Tim Buheller, a former Virginia Tech baseball player, just laughs when asked if he’s worried people might overlook him and other inductees into the school’s hall of fame this year because of the class’s headliner, former football star Michael Vick.
“I was there first,” said Buheller, a Richmond native who played for the Hokies from 1983-86. “Vick’s going in with me.”
Vick, arguably the most celebrated player in Virginia Tech football history — and one of the more controversial — led the Hokies to the 2000 national title game. Vick, a Newport News native, joins Buheller, former basketball star Zabian Dowdell, former softball star Megan Evans and another football standout, former linebacker Ben Taylor in this year’s hall of fame class.
The five former athletes will be inducted during a dinner on campus on Sept. 22. Vick is clearly the class’s headliner. He’s a household name who finished third in the Heisman Trophy voting after the 1999 season, the year he led the Hokies to an 11-0 record before losing to Florida State in the national championship game.
“I’m going in with the ‘GOAT,’ the greatest of all-time football player,” said Buheller. “I’d say him and Bruce Smith are the greatest. Going in with Vick, it’s just an honor.”
During his two seasons in Blacksburg, Vick passed for 3,074 yards and 20 touchdowns, and ran for another 1,202 yards and 16 scores.
He still holds school records for the highest yards-per-completion average for a season (20.4 in 1999), the highest yards-per-attempt average for a season (12 in 1999) and the highest yards-per-attempt average for a career (9.79).
Vick’s athleticism and improvisational scrambling captured the imagination of a nation of college football fans. It did the same for his coaches and teammates, even in practice.
“Every day was like a highlight video,” said Bryan Stinespring, a former Tech assistant. “We’d say, ‘We’re glad we got that on film. We’ll have to watch it again to figure out what he just did.’ ”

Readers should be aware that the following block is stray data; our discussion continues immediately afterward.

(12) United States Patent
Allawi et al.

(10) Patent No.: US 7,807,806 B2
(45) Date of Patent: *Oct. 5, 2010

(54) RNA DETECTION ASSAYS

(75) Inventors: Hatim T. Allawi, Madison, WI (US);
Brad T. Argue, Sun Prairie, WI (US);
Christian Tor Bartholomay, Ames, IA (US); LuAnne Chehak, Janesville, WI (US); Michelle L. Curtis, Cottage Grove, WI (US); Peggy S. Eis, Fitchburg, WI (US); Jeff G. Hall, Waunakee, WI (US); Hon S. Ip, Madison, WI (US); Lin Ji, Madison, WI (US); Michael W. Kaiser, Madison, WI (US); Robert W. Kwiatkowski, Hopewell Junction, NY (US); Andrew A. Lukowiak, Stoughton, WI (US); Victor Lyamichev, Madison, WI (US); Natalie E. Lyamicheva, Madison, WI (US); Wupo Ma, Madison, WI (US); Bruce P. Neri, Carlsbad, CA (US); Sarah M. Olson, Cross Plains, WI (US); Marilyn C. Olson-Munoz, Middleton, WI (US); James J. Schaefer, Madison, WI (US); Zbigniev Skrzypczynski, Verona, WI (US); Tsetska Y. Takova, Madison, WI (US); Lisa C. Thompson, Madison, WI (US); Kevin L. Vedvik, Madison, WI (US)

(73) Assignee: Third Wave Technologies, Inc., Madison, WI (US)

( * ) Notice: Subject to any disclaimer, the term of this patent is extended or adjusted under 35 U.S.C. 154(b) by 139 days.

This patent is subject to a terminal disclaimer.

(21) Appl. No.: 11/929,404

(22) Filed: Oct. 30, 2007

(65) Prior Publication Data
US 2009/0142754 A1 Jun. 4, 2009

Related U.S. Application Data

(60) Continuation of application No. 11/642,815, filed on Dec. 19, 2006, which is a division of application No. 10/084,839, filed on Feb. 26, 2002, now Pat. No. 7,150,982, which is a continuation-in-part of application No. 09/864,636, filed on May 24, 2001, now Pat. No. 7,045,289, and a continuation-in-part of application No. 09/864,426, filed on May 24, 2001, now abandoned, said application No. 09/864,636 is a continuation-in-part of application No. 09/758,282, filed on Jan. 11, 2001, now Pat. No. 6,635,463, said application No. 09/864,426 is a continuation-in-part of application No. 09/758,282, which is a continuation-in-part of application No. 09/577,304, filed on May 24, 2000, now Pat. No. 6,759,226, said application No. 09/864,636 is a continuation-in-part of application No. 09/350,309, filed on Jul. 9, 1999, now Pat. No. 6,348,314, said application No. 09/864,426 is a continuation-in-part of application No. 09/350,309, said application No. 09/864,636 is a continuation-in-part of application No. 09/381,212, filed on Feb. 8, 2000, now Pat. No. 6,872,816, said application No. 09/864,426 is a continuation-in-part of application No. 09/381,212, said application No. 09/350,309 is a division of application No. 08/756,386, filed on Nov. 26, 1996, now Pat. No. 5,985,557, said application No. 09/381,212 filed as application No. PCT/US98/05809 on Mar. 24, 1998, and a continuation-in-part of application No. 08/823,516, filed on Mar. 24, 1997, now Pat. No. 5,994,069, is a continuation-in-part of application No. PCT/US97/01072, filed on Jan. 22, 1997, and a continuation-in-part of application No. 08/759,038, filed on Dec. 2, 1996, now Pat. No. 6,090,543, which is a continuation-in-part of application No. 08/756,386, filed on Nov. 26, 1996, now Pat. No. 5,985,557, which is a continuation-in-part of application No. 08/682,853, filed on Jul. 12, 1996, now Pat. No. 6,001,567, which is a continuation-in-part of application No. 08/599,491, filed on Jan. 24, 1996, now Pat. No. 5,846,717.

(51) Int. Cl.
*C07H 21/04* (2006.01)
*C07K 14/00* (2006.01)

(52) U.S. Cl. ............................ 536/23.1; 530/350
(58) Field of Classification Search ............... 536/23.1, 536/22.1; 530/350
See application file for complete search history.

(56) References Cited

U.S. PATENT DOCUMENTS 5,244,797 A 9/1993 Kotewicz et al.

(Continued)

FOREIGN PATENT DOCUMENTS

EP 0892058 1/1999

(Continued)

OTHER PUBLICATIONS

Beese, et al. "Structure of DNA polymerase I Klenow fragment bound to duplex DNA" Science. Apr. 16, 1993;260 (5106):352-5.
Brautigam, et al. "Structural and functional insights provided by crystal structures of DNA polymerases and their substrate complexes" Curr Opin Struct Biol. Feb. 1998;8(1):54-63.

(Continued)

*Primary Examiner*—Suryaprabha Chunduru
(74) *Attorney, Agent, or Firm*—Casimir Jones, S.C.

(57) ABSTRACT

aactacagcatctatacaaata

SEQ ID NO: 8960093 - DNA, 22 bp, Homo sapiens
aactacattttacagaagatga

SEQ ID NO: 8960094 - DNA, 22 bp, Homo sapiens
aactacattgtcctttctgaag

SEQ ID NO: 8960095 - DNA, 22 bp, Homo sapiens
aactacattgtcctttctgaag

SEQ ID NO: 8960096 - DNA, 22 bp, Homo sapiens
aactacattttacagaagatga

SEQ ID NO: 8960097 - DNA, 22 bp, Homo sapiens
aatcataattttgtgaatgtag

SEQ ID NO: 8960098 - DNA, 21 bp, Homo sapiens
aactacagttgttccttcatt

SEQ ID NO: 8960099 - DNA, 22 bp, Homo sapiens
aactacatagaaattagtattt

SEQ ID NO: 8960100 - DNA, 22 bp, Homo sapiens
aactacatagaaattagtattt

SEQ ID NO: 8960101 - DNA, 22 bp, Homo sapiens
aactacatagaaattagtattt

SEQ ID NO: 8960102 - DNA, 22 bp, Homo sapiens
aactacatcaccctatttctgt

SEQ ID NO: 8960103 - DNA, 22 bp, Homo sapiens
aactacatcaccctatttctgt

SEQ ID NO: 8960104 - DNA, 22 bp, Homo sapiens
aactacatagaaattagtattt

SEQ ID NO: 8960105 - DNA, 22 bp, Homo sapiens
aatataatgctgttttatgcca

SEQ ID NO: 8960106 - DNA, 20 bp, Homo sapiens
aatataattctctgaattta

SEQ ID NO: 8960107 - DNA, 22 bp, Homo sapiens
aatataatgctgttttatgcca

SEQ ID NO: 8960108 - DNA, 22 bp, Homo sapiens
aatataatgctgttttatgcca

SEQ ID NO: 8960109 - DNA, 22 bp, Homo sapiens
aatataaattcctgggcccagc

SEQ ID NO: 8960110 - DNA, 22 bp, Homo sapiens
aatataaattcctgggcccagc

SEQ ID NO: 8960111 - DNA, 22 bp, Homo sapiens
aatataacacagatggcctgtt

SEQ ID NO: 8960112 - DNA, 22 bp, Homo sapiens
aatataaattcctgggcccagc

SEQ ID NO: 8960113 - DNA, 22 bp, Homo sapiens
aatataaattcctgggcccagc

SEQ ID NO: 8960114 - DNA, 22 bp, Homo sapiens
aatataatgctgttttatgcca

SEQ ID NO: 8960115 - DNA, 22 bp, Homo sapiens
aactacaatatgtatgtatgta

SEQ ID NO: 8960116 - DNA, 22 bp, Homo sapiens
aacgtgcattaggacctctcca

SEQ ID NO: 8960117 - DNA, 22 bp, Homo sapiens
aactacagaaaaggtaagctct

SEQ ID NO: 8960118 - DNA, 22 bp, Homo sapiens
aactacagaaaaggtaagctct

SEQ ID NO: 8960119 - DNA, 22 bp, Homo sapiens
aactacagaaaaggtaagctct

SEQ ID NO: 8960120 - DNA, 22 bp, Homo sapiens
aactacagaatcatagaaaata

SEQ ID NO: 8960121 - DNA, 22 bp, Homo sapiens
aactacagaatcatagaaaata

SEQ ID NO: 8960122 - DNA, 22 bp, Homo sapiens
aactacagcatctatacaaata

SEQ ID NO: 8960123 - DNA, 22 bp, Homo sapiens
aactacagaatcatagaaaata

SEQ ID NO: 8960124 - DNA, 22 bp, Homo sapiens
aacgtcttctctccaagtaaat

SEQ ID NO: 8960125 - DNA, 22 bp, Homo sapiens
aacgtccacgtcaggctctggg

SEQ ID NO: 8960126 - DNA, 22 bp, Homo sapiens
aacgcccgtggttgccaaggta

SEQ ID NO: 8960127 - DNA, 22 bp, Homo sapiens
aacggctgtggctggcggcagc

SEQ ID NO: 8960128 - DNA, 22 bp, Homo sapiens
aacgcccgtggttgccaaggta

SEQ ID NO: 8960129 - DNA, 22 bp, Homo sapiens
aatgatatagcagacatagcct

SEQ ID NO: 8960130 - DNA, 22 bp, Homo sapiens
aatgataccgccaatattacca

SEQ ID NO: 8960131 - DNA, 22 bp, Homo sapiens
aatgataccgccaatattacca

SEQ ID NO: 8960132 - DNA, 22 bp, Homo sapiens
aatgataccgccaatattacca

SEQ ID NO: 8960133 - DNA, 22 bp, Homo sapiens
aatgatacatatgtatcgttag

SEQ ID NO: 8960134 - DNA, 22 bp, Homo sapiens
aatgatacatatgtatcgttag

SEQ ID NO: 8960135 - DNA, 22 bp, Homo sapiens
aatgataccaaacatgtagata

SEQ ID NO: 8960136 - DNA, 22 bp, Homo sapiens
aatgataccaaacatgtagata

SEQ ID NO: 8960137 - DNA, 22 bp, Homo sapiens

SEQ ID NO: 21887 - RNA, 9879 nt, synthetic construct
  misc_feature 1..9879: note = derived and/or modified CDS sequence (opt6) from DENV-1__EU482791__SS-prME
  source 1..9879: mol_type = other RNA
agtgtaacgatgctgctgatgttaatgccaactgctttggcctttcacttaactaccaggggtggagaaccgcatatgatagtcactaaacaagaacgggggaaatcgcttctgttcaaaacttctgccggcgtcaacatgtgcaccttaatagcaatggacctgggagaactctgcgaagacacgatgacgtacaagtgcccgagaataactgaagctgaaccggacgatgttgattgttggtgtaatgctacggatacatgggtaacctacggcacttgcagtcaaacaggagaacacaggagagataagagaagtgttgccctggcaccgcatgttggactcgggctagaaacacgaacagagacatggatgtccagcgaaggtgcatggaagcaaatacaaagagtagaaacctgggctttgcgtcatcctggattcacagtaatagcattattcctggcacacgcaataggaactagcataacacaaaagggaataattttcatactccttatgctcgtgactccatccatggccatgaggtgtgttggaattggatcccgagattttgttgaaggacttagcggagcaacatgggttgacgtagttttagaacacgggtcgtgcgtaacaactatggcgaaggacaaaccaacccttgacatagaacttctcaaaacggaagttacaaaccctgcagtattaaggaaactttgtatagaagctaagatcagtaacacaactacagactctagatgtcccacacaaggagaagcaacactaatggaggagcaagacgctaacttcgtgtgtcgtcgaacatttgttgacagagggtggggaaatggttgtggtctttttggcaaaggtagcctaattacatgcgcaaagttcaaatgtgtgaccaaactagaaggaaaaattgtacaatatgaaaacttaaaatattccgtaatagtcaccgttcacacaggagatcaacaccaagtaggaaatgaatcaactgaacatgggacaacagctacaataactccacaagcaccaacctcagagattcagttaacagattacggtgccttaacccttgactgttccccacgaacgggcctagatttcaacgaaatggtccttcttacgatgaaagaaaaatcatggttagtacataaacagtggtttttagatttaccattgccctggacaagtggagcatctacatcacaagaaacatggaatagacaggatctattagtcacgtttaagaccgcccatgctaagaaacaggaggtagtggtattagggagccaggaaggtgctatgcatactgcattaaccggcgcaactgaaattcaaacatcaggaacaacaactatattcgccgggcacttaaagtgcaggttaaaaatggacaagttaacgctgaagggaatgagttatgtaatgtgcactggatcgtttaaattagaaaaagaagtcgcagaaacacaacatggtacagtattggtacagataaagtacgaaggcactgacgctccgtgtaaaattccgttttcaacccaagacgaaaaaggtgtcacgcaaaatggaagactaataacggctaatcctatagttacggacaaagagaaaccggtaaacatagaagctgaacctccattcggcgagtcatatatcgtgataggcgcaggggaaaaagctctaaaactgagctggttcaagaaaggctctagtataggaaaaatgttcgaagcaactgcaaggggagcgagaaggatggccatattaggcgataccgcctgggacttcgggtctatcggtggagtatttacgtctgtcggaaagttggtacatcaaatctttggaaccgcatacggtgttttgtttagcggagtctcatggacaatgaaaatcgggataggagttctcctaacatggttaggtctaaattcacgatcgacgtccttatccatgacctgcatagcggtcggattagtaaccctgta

Stinespring said when Vick redshirted in 1998, the defensive coaches would come to meetings talking about his ability to make plays for the scout team.
“Bud and the defensive staff would come in and say, ‘Either the Vick kid is special or we’re horrible on defense, because we can’t tackle him or lay a hand on him.’ We all knew Bud Foster’s defense was never horrible, so we knew we had something special.”
Vick was the No. 1 overall pick in the 2001 NFL draft, going to the Atlanta Falcons. He made three Pro Bowls with the Falcons before off-field troubles derailed his career. In 2007, he pleaded guilty to charges stemming from his involvement in a dog-fighting ring. He served 21 months in a federal prison, then was released by Atlanta.
He ended his career playing with the Philadelphia Eagles, New York Jets and Pittsburgh Steelers, playing his final games in 2015.
Dowdell played basketball for the Hokies from 2003-07 and became the program’s first first-team all-conference selection in the ACC. He scored 1,785 points in his career and led Tech to its first NCAA appearance in 11 years in 2006-07, his senior season.
“He set a standard,” said former Hokies coach Seth Greenberg. “Zabian made people realize you could win at Virginia Tech in the ACC.”
Evans was the catcher for Tech’s softball team from 2002-05 and holds the program record for career home runs (50) and RBIs (161).
Taylor played linebacker from 1998-2001 and was a two-team All-American, gaining those distinctions his junior and senior seasons. Those final two years, he compiled 224 tackles.
And then there’s Buheller, who works in auto sales in Glen Allen. A four-year starter in center field for the Hokies, he still holds or shares nine school records, including the career marks for runs scored (267), walks (170), stolen bases (140) and assists by an outfielder (17). He’s the only player in Tech history to steal 30 or more bases for four straight years.
“Every day at Tech was memorable to me,” said Buheller. “I love Virginia Tech.”
Buheller was a 19th-round draft pick of the Boston Red Sox in 1986, and he spent four seasons in Boston’s minor league system.
Now, he’s being inducted into his school’s hall of fame, along with Vick, an athlete he revered and is now being honored alongside.
“We have one more thing in common,” said Buheller. “We’re both left-handed.”